HUNTINGTON, TX (KTRE) - The Huntington High School Robotics Team is making some loud noise in the Tech World.
The Southeast Texas state champions will be traveling to Saint Louis, Missouri in a couple of days to compete against teams from all over the world for the first-ever Tech World Championship.
East Texas News met with the talented bunch Wednesday morning and learned why they think they will win.
Armed with their wit and strategizing skills, the Huntington High School gearheads say they are ready for the first Tech World Championship.
"We've done the best this year with being this close to being done as we have this close to the competition," Hudson Cook, a senior at Huntington High School.
On April 24th, the team will compete against 127 teams from 16 nations for the title of FTC World Champion.
"We wear our suits, and we just try to make a good impression," Dylan Mouton, an HHS senior, said. "We've got the bow ties and the suspenders; we've got the whole nine yards, and people really know who we are."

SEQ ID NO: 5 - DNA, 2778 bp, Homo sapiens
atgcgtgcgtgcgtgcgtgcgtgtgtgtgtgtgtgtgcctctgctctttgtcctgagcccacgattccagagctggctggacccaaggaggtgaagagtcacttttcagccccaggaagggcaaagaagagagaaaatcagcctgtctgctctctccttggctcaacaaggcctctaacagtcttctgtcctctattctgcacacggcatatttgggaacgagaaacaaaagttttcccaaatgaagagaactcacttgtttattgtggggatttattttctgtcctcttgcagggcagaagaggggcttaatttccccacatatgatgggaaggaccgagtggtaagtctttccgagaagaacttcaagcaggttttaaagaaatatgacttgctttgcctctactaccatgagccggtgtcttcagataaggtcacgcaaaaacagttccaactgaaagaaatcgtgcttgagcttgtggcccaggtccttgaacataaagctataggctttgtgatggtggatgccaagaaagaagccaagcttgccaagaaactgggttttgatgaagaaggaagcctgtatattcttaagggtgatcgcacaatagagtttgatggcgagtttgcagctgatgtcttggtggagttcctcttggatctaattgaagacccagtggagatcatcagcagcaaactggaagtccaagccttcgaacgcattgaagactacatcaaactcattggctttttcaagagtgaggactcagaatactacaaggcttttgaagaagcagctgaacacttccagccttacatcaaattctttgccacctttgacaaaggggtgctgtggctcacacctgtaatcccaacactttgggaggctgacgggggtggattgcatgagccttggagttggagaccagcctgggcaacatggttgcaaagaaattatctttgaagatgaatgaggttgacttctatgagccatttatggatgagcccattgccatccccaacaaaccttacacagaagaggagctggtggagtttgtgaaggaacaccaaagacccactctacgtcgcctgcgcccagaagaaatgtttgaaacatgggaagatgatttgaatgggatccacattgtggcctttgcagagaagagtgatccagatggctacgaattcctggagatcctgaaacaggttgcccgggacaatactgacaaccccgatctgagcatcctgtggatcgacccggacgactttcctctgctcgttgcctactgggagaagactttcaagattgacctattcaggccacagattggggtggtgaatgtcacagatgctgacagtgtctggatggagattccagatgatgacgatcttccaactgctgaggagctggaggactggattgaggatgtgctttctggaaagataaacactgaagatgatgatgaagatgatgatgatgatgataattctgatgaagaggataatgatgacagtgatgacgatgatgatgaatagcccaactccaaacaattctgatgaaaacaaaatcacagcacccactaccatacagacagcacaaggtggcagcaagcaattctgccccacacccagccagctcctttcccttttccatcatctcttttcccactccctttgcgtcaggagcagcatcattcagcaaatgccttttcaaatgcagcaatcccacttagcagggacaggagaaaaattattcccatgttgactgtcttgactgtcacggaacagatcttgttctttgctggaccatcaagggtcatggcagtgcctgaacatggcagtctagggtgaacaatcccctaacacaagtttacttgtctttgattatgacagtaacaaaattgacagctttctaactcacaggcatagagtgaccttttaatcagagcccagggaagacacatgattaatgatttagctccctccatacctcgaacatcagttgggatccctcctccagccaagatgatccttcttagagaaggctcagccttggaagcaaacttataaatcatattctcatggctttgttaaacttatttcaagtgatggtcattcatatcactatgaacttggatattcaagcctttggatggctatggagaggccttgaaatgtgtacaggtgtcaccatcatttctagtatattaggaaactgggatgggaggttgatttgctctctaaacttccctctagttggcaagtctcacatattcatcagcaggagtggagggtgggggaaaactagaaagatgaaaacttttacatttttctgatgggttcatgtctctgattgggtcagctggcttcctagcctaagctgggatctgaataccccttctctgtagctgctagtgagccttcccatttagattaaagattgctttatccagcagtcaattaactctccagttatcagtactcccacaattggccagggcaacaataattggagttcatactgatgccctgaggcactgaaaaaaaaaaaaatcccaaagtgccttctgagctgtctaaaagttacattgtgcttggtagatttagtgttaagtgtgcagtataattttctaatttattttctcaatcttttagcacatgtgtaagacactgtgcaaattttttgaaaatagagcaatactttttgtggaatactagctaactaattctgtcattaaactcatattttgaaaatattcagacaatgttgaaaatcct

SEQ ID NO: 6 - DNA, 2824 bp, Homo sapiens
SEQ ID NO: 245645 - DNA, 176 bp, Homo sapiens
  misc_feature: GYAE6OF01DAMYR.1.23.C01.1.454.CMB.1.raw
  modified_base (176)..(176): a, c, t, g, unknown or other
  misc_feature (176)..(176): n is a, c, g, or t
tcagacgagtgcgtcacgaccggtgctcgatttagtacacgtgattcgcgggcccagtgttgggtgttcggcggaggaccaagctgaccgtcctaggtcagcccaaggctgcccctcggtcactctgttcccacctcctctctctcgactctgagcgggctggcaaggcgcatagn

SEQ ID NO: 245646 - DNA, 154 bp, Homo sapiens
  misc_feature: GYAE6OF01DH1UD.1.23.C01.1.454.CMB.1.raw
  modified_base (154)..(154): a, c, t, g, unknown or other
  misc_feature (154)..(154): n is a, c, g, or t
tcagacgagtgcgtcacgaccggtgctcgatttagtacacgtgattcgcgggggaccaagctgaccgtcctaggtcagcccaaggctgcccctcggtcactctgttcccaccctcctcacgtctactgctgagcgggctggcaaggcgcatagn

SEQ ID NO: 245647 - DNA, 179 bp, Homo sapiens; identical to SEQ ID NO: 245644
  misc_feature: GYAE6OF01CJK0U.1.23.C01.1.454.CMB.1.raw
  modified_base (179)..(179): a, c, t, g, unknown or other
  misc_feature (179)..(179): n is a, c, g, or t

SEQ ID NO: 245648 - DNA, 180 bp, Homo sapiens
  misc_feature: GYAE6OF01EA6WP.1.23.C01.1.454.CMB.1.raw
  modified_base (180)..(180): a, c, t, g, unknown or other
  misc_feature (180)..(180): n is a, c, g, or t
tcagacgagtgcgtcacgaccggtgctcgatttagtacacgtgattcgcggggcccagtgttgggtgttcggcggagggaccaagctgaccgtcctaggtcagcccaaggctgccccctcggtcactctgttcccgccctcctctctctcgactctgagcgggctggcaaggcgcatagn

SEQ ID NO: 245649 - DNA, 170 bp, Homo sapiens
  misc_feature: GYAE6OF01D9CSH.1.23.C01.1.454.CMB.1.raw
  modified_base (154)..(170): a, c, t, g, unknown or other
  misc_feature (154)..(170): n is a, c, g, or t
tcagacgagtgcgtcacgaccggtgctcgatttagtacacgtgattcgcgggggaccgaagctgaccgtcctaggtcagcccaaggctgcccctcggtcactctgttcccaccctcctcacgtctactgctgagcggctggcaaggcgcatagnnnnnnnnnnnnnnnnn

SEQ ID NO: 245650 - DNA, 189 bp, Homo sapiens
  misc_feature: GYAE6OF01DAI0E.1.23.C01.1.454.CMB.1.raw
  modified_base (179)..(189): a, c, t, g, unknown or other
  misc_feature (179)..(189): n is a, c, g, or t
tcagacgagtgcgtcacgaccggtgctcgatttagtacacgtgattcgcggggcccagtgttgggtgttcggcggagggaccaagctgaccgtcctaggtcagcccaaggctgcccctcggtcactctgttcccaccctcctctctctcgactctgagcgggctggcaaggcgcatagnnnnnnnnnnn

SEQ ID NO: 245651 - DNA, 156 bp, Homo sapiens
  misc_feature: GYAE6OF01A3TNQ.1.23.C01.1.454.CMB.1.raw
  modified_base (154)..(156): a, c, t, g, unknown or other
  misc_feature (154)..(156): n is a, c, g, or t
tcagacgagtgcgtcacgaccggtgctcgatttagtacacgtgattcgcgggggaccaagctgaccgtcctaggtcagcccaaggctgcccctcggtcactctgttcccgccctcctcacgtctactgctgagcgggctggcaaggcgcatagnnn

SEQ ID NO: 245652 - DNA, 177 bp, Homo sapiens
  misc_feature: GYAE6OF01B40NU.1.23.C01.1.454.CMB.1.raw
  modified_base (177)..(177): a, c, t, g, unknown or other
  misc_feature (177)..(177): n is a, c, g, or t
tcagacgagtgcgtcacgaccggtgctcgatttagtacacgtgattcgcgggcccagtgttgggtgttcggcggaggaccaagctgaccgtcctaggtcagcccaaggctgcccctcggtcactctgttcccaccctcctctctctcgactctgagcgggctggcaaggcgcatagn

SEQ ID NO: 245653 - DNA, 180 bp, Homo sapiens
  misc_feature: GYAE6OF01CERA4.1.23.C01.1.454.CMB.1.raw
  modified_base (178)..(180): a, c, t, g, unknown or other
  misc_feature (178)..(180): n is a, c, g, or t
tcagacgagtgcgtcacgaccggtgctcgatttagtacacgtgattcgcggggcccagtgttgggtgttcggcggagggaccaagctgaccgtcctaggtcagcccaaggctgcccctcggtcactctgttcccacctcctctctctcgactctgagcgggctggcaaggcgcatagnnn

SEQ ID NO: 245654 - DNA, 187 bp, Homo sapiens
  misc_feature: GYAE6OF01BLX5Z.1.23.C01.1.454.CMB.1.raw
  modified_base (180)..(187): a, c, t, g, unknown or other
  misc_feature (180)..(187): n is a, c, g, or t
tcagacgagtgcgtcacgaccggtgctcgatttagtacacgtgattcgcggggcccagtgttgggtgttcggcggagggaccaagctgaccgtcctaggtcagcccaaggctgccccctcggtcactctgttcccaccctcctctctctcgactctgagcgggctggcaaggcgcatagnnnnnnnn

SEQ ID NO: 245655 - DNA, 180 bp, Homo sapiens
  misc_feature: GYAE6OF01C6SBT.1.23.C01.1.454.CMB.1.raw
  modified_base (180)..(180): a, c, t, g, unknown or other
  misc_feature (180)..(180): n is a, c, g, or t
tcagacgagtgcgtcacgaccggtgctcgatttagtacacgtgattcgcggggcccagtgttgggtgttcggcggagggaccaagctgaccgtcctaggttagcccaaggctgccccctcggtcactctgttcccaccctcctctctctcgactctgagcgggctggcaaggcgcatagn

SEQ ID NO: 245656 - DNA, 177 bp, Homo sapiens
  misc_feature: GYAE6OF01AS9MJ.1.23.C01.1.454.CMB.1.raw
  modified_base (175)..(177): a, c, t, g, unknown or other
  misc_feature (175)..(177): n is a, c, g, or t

However, it's the way the Huntington students play the game that will separate them from the other teams.
"You've got two robots on each team and so we're good at offense and scoring so we'll try to get to our teammates to play defense to keep the other team from scoring," Lanna Lytle, an HHS junior, said.
In the robotics match, each team will have a 30-second autonomous period where they will try to hang rings on pegs, using their robots.
"What you're trying to do is the whole time you are trying to hang rings," Cook said. "It's 3 by 3 rows of pegs and you get 15 for the top row, 10 for the middle and 5 for the bottom."
They then try to gain ownership of the pegs by putting as many rings on them as they can. Sometimes, the competition gets rough.
"It's a lot of defense, like we're having to go against defense, and they try to block us majorly, and in one competition our robot got knocked over and broken," Lytle said.
The team says they have learned from their mistakes and are excited to see what other teams have to offer.
"We realized that we needed to change things to do better, and each competition that we went to, we just added things that we needed to make the robot a lot better," Cook said.
The students say robotics is really a team effort and have been working on rebuilding their robots since October.
They said the competition at the world championship will be fierce, but they are feeling very confident.